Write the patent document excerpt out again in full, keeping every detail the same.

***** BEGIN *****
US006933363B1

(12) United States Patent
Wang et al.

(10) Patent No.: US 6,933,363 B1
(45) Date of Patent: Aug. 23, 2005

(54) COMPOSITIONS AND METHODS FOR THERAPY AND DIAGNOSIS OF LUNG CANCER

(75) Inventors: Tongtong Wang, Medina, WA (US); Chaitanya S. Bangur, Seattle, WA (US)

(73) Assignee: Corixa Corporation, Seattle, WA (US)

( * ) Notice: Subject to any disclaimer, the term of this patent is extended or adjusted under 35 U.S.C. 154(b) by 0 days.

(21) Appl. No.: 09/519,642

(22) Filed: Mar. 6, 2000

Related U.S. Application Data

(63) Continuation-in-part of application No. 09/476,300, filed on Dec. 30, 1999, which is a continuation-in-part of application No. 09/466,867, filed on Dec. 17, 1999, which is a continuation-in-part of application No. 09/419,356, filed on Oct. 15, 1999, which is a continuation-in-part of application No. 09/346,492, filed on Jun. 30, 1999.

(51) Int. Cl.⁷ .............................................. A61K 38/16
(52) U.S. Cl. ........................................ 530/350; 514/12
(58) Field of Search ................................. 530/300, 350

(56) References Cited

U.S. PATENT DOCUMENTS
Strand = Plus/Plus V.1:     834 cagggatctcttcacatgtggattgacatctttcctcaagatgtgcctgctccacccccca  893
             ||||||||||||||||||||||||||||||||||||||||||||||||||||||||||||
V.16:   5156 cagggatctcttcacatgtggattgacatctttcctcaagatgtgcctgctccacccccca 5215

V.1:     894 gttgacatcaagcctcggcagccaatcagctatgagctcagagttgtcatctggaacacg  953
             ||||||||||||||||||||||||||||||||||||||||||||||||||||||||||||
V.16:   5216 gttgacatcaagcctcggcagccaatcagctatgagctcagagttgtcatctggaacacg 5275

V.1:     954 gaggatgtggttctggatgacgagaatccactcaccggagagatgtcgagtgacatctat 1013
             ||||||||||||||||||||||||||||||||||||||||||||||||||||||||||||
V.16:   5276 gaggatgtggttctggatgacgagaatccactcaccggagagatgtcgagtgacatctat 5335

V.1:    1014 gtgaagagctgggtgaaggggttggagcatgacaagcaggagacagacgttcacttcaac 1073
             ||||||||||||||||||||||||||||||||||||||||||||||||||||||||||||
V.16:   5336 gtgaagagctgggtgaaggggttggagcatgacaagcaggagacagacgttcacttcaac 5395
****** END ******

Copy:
US006933363B1

(12) United States Patent
Wang et al.

(10) Patent No.: US 6,933,363 B1
(45) Date of Patent: Aug. 23, 2005

(54) COMPOSITIONS AND METHODS FOR THERAPY AND DIAGNOSIS OF LUNG CANCER

(75) Inventors: Tongtong Wang, Medina, WA (US); Chaitanya S. Bangur, Seattle, WA (US)

(73) Assignee: Corixa Corporation, Seattle, WA (US)

( * ) Notice: Subject to any disclaimer, the term of this patent is extended or adjusted under 35 U.S.C. 154(b) by 0 days.

(21) Appl. No.: 09/519,642

(22) Filed: Mar. 6, 2000

Related U.S. Application Data

(63) Continuation-in-part of application No. 09/476,300, filed on Dec. 30, 1999, which is a continuation-in-part of application No. 09/466,867, filed on Dec. 17, 1999, which is a continuation-in-part of application No. 09/419,356, filed on Oct. 15, 1999, which is a continuation-in-part of application No. 09/346,492, filed on Jun. 30, 1999.

(51) Int. Cl.⁷ .............................................. A61K 38/16
(52) U.S. Cl. ........................................ 530/350; 514/12
(58) Field of Search ................................. 530/300, 350

(56) References Cited

U.S. PATENT DOCUMENTS
Strand = Plus/Plus V.1:     834 cagggatctcttcacatgtggattgacatctttcctcaagatgtgcctgctccacccccca  893
             ||||||||||||||||||||||||||||||||||||||||||||||||||||||||||||
V.16:   5156 cagggatctcttcacatgtggattgacatctttcctcaagatgtgcctgctccacccccca 5215

V.1:     894 gttgacatcaagcctcggcagccaatcagctatgagctcagagttgtcatctggaacacg  953
             ||||||||||||||||||||||||||||||||||||||||||||||||||||||||||||
V.16:   5216 gttgacatcaagcctcggcagccaatcagctatgagctcagagttgtcatctggaacacg 5275

V.1:     954 gaggatgtggttctggatgacgagaatccactcaccggagagatgtcgagtgacatctat 1013
             ||||||||||||||||||||||||||||||||||||||||||||||||||||||||||||
V.16:   5276 gaggatgtggttctggatgacgagaatccactcaccggagagatgtcgagtgacatctat 5335

V.1:    1014 gtgaagagctgggtgaaggggttggagcatgacaagcaggagacagacgttcacttcaac 1073
             ||||||||||||||||||||||||||||||||||||||||||||||||||||||||||||
V.16:   5336 gtgaagagctgggtgaaggggttggagcatgacaagcaggagacagacgttcacttcaac 5395